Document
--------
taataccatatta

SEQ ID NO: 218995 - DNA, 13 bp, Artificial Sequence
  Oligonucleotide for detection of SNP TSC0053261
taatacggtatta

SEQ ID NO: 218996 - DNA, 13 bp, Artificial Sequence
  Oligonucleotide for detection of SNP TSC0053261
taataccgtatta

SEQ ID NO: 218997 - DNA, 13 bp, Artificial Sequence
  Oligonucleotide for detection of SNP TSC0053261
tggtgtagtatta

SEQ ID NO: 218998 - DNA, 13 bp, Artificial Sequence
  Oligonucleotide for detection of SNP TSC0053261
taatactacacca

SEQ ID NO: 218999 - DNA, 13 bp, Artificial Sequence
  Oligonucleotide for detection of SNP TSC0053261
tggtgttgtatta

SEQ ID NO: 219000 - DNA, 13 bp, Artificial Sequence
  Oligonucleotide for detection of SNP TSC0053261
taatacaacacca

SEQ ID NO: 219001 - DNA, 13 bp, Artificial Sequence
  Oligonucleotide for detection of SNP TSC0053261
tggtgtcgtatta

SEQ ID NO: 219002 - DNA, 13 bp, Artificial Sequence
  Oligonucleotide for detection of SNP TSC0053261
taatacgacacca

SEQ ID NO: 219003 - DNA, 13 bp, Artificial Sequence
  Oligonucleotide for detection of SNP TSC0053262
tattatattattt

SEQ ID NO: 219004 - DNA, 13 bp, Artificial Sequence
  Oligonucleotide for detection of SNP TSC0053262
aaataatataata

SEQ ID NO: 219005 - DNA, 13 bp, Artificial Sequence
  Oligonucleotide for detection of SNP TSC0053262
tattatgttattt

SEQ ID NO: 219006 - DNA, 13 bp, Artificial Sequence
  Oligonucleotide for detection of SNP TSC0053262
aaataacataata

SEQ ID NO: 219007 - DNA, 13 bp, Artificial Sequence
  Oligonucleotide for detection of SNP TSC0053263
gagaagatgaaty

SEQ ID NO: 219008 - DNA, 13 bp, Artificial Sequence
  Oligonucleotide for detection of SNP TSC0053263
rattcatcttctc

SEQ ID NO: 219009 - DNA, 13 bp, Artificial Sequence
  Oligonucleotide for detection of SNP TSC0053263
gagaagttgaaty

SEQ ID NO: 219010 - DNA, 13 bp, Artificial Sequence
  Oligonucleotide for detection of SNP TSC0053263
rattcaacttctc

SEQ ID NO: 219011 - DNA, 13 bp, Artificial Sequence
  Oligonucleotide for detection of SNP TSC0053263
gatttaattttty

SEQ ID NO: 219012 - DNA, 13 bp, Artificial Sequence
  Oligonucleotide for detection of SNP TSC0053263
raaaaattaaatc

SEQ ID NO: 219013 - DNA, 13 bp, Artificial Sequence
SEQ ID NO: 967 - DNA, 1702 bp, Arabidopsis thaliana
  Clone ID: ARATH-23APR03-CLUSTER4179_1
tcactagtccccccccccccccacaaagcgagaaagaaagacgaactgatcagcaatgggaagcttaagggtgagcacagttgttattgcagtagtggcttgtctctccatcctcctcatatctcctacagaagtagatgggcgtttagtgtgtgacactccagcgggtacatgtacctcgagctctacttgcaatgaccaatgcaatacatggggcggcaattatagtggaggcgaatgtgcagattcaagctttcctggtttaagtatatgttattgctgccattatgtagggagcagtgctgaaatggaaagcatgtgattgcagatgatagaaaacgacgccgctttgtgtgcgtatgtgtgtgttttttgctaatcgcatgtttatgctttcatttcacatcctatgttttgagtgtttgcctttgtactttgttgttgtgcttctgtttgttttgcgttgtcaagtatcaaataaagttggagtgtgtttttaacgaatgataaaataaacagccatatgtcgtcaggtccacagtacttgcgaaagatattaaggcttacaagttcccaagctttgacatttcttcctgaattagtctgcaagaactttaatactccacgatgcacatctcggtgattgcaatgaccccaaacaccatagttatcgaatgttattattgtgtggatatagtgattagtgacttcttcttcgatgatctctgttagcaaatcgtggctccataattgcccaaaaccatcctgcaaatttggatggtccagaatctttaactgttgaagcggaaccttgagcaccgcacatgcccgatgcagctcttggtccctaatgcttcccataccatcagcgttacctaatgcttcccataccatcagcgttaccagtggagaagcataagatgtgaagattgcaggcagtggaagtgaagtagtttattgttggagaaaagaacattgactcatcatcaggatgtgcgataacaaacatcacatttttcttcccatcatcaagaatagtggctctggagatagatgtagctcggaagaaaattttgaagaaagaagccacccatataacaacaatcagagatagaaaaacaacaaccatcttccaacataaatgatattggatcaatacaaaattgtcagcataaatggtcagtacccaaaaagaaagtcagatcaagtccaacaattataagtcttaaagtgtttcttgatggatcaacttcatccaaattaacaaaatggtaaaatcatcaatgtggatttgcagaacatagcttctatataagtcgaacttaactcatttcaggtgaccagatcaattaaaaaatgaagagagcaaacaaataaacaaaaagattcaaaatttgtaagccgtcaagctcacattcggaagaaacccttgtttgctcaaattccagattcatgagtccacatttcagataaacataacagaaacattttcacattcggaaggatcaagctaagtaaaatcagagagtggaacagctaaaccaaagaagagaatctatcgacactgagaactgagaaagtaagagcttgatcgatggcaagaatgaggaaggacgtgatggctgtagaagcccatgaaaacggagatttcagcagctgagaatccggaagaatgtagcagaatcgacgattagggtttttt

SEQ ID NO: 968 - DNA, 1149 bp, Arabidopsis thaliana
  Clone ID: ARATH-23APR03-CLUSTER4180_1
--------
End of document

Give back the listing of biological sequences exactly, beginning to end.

taataccatatta

SEQ ID NO: 218995 - DNA, 13 bp, Artificial Sequence
  Oligonucleotide for detection of SNP TSC0053261
taatacggtatta

SEQ ID NO: 218996 - DNA, 13 bp, Artificial Sequence
  Oligonucleotide for detection of SNP TSC0053261
taataccgtatta

SEQ ID NO: 218997 - DNA, 13 bp, Artificial Sequence
  Oligonucleotide for detection of SNP TSC0053261
tggtgtagtatta

SEQ ID NO: 218998 - DNA, 13 bp, Artificial Sequence
  Oligonucleotide for detection of SNP TSC0053261
taatactacacca

SEQ ID NO: 218999 - DNA, 13 bp, Artificial Sequence
  Oligonucleotide for detection of SNP TSC0053261
tggtgttgtatta

SEQ ID NO: 219000 - DNA, 13 bp, Artificial Sequence
  Oligonucleotide for detection of SNP TSC0053261
taatacaacacca

SEQ ID NO: 219001 - DNA, 13 bp, Artificial Sequence
  Oligonucleotide for detection of SNP TSC0053261
tggtgtcgtatta

SEQ ID NO: 219002 - DNA, 13 bp, Artificial Sequence
  Oligonucleotide for detection of SNP TSC0053261
taatacgacacca

SEQ ID NO: 219003 - DNA, 13 bp, Artificial Sequence
  Oligonucleotide for detection of SNP TSC0053262
tattatattattt

SEQ ID NO: 219004 - DNA, 13 bp, Artificial Sequence
  Oligonucleotide for detection of SNP TSC0053262
aaataatataata

SEQ ID NO: 219005 - DNA, 13 bp, Artificial Sequence
  Oligonucleotide for detection of SNP TSC0053262
tattatgttattt

SEQ ID NO: 219006 - DNA, 13 bp, Artificial Sequence
  Oligonucleotide for detection of SNP TSC0053262
aaataacataata

SEQ ID NO: 219007 - DNA, 13 bp, Artificial Sequence
  Oligonucleotide for detection of SNP TSC0053263
gagaagatgaaty

SEQ ID NO: 219008 - DNA, 13 bp, Artificial Sequence
  Oligonucleotide for detection of SNP TSC0053263
rattcatcttctc

SEQ ID NO: 219009 - DNA, 13 bp, Artificial Sequence
  Oligonucleotide for detection of SNP TSC0053263
gagaagttgaaty

SEQ ID NO: 219010 - DNA, 13 bp, Artificial Sequence
  Oligonucleotide for detection of SNP TSC0053263
rattcaacttctc

SEQ ID NO: 219011 - DNA, 13 bp, Artificial Sequence
  Oligonucleotide for detection of SNP TSC0053263
gatttaattttty

SEQ ID NO: 219012 - DNA, 13 bp, Artificial Sequence
  Oligonucleotide for detection of SNP TSC0053263
raaaaattaaatc

SEQ ID NO: 219013 - DNA, 13 bp, Artificial Sequence
SEQ ID NO: 967 - DNA, 1702 bp, Arabidopsis thaliana
  Clone ID: ARATH-23APR03-CLUSTER4179_1
tcactagtccccccccccccccacaaagcgagaaagaaagacgaactgatcagcaatgggaagcttaagggtgagcacagttgttattgcagtagtggcttgtctctccatcctcctcatatctcctacagaagtagatgggcgtttagtgtgtgacactccagcgggtacatgtacctcgagctctacttgcaatgaccaatgcaatacatggggcggcaattatagtggaggcgaatgtgcagattcaagctttcctggtttaagtatatgttattgctgccattatgtagggagcagtgctgaaatggaaagcatgtgattgcagatgatagaaaacgacgccgctttgtgtgcgtatgtgtgtgttttttgctaatcgcatgtttatgctttcatttcacatcctatgttttgagtgtttgcctttgtactttgttgttgtgcttctgtttgttttgcgttgtcaagtatcaaataaagttggagtgtgtttttaacgaatgataaaataaacagccatatgtcgtcaggtccacagtacttgcgaaagatattaaggcttacaagttcccaagctttgacatttcttcctgaattagtctgcaagaactttaatactccacgatgcacatctcggtgattgcaatgaccccaaacaccatagttatcgaatgttattattgtgtggatatagtgattagtgacttcttcttcgatgatctctgttagcaaatcgtggctccataattgcccaaaaccatcctgcaaatttggatggtccagaatctttaactgttgaagcggaaccttgagcaccgcacatgcccgatgcagctcttggtccctaatgcttcccataccatcagcgttacctaatgcttcccataccatcagcgttaccagtggagaagcataagatgtgaagattgcaggcagtggaagtgaagtagtttattgttggagaaaagaacattgactcatcatcaggatgtgcgataacaaacatcacatttttcttcccatcatcaagaatagtggctctggagatagatgtagctcggaagaaaattttgaagaaagaagccacccatataacaacaatcagagatagaaaaacaacaaccatcttccaacataaatgatattggatcaatacaaaattgtcagcataaatggtcagtacccaaaaagaaagtcagatcaagtccaacaattataagtcttaaagtgtttcttgatggatcaacttcatccaaattaacaaaatggtaaaatcatcaatgtggatttgcagaacatagcttctatataagtcgaacttaactcatttcaggtgaccagatcaattaaaaaatgaagagagcaaacaaataaacaaaaagattcaaaatttgtaagccgtcaagctcacattcggaagaaacccttgtttgctcaaattccagattcatgagtccacatttcagataaacataacagaaacattttcacattcggaaggatcaagctaagtaaaatcagagagtggaacagctaaaccaaagaagagaatctatcgacactgagaactgagaaagtaagagcttgatcgatggcaagaatgaggaaggacgtgatggctgtagaagcccatgaaaacggagatttcagcagctgagaatccggaagaatgtagcagaatcgacgattagggtttttt

SEQ ID NO: 968 - DNA, 1149 bp, Arabidopsis thaliana
  Clone ID: ARATH-23APR03-CLUSTER4180_1